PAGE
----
Seoul, Beijing, Tokyo to start FTA talks
By Chung Min-uck
Three leaders warn against NK's provocations
The leaders of South Korea, China and Japan agreed at a summit in Beijing Sunday to launch negotiations for a three-way free trade agreement (FTA) this year, raising hopes that the move will bring new momentum to trilateral cooperation.
“The three countries have agreed to launch formal negotiations on the FTA by the end of this year,” said Chinese Premier Wen Jiabao at a joint press conference with President Lee Myung-bak and Japanese Prime Minister Yoshihiko Noda following the summit.
“Northeast Asia is the most economically vibrant region in the world. The establishment of a free-trade area will unleash the economic vitality of the region and give a strong boost to economic integration.”
President Lee underscored that the importance of the three-way FTA, saying it would play a positive role not only for the world economy, but also for peace and prosperity in Northeast Asia.
“Reaching a general consensus to launch the South Korea-China-Japan FTA by the end of this year is the biggest result we achieved through this summit,” said Noda.
North Korea was also high on the agenda as the talks came a month after Pyongyang’s launch of a long-range rocket and amid growing signs of it preparing to conduct a third nuclear test.
“We exchanged views on the launch of North Korea’s new leadership, its rocket launch and related developments,” Lee said. “We appreciated the U.N. Security Council’s strong and swift presidential statement (on the launch) and agreed that additional provocations were unacceptable.”
Wen also stressed that the “most urgent issue for now is to prevent tensions on the Korean Peninsula.”
The failed launch on April 13 drew strong criticism from the international community, including China, the reclusive North’s closest ally and main benefactor. The rocket, which Pyongyang claimed was carrying a satellite, exploded a few minutes after liftoff.
On the sidelines of the summit, the three countries also signed a trilateral investment agreement to further strengthen their economic partnership. The treaty calls for providing most-favored-nation status and other protective measures for investments from each other.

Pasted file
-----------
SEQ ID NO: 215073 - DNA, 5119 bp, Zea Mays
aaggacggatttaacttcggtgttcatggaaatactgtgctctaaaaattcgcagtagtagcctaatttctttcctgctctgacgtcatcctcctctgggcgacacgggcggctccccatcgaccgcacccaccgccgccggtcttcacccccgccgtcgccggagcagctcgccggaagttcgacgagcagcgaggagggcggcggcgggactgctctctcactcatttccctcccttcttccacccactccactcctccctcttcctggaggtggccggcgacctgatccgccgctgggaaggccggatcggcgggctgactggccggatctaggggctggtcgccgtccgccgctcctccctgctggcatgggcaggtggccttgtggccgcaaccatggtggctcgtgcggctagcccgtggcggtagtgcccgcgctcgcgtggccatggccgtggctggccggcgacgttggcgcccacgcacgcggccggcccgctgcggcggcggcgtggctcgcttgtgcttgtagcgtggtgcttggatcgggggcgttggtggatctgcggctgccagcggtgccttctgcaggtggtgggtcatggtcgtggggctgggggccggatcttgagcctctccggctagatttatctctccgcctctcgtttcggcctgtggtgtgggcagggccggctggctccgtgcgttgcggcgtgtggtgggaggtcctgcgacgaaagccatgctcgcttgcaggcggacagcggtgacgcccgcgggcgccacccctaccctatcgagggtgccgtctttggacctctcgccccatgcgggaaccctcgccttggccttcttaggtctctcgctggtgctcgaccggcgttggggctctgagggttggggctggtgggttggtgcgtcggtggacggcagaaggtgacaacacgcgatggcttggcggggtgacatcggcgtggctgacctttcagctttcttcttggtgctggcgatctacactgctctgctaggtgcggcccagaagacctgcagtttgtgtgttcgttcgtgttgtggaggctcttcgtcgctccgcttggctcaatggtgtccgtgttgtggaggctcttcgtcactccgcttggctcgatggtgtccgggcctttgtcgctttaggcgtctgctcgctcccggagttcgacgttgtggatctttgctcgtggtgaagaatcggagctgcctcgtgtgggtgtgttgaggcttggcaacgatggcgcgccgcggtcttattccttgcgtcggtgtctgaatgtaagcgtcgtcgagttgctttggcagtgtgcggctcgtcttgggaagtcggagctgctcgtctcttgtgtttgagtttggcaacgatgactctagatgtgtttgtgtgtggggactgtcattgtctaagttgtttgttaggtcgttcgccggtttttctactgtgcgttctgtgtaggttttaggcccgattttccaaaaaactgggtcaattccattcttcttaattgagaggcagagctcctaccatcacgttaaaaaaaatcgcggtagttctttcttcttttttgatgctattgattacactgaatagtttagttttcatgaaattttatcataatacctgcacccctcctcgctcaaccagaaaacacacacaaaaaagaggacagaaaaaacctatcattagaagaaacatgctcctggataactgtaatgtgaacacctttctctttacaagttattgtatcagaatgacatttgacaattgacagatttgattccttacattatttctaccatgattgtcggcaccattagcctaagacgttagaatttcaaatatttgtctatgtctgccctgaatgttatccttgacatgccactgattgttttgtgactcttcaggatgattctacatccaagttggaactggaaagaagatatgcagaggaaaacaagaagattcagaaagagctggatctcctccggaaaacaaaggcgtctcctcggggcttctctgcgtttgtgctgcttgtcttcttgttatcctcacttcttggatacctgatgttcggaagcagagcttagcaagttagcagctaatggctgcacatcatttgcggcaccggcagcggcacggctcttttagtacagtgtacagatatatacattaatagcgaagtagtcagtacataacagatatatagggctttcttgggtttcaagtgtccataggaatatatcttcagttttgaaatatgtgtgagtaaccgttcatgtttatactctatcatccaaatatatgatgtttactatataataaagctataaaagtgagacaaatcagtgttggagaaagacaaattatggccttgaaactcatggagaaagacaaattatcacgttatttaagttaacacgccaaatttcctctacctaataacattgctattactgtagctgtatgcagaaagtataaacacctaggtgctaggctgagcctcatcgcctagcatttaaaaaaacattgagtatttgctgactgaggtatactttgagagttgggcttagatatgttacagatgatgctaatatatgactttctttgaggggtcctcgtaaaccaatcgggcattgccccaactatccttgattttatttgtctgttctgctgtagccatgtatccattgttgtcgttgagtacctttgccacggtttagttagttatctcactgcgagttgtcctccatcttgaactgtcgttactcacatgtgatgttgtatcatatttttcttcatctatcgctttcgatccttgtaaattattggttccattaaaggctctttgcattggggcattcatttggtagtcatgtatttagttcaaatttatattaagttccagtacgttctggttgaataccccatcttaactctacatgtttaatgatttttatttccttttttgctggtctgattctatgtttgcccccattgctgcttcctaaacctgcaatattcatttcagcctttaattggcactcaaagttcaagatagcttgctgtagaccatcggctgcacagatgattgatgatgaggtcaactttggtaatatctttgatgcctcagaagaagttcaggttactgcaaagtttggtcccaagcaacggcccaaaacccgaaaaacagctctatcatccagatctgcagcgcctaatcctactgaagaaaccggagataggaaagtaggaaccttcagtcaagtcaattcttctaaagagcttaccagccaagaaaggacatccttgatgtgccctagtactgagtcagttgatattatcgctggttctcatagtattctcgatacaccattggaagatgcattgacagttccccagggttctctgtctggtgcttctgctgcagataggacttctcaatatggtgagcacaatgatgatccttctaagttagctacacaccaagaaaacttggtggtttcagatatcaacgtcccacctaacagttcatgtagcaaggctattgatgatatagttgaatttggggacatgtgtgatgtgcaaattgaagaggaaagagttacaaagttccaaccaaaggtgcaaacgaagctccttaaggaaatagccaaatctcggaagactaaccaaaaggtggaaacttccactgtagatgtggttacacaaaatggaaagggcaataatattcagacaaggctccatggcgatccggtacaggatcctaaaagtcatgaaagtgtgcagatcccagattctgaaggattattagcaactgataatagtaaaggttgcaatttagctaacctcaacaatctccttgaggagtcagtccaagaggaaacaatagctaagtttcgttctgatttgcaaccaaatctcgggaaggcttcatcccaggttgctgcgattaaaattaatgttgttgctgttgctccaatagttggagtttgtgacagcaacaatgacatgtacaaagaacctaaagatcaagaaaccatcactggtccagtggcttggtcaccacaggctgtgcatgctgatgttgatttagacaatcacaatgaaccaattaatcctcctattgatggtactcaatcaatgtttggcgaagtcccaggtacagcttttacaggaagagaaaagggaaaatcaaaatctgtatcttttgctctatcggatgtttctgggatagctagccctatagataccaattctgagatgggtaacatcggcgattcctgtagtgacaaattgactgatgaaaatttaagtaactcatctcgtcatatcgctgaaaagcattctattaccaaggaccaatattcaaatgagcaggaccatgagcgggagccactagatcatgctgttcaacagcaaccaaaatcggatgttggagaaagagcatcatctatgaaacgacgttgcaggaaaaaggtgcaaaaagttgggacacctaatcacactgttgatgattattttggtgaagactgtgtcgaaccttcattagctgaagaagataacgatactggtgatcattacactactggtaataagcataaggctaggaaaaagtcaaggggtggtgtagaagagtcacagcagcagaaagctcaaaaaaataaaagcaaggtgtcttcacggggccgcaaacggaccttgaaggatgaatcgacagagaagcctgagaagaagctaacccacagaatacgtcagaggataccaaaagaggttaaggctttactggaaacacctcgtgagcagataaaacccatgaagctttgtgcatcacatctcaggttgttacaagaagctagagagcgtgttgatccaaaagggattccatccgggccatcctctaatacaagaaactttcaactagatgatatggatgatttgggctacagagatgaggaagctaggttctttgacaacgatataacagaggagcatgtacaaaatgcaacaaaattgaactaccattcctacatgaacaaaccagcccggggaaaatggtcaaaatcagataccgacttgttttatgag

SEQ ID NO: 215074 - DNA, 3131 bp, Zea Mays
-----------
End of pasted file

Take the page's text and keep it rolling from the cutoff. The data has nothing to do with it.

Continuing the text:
The pact — the first economic treaty between the three countries — is expected to benefit both South Korean and Japanese companies by ensuring better protection of intellectual property rights in China.
Trade between the three accounted for 17.6 percent of total global trade in 2010, up from 14.5 percent in 2005. The volume of the South’s trade with China and Japan accounted for 30.5 percent of its total trade volume in 2009, a 10 percentage point increase from the 1990s.
The Korea Development Institute, a state-run think tank, expects South Korea’s gross domestic product and exports to increase 3.38 percent and 6.77 percent, respectively, once the trilateral FTA comes into effect.
Japan is eager to kick off the three-way talks at an early date as it is wary of the possible launch of a bilateral FTA between South Korea and China, analysts say.
Seoul and Beijing earlier agreed to start talks, and the first round of bilateral negotiations is scheduled for today in Beijing.
Insiders say Seoul, unlike Tokyo, wants the South Korea-China deal to be finalized prior to the signing of the trilateral pact because this would give its firms the upper hand in the Chinese market.
However, a tough road lies ahead over the negotiations because the three nations have different viewpoints in the level of free trade.
China insists on a partial opening of its services market and intellectual property sector, while Japan is pushing for full interaction including finance and services. Japan is also sensitive to importing agricultural products along with Korea.
Kim Young-gui, a senior researcher of the Korea Institute for International Economic Policy, noted that the trilateral FTA may turn out to be not as effective as anticipated because it will be very challenging for the three nations to reach a consensus.
“The level of free trade can be extremely low compared to bilateral agreements,”he said.
“However, in terms of regional stability in Northeast Asia, a Korea-China-Japan FTA is essential.”
Tokyo recently expressed an interest in actively joining the United States-centric Trans-Pacific Partnership (TPP) talks.
The TPP is a multilateral free trade agreement negotiated among nine countries including the United States Australia and Singapore. Korea and China are not part of the TPP talks.
This year marks the 20th anniversary of the establishment of diplomatic ties between South Korea and China, and the 40th anniversary of normalization of relations between China and Japan.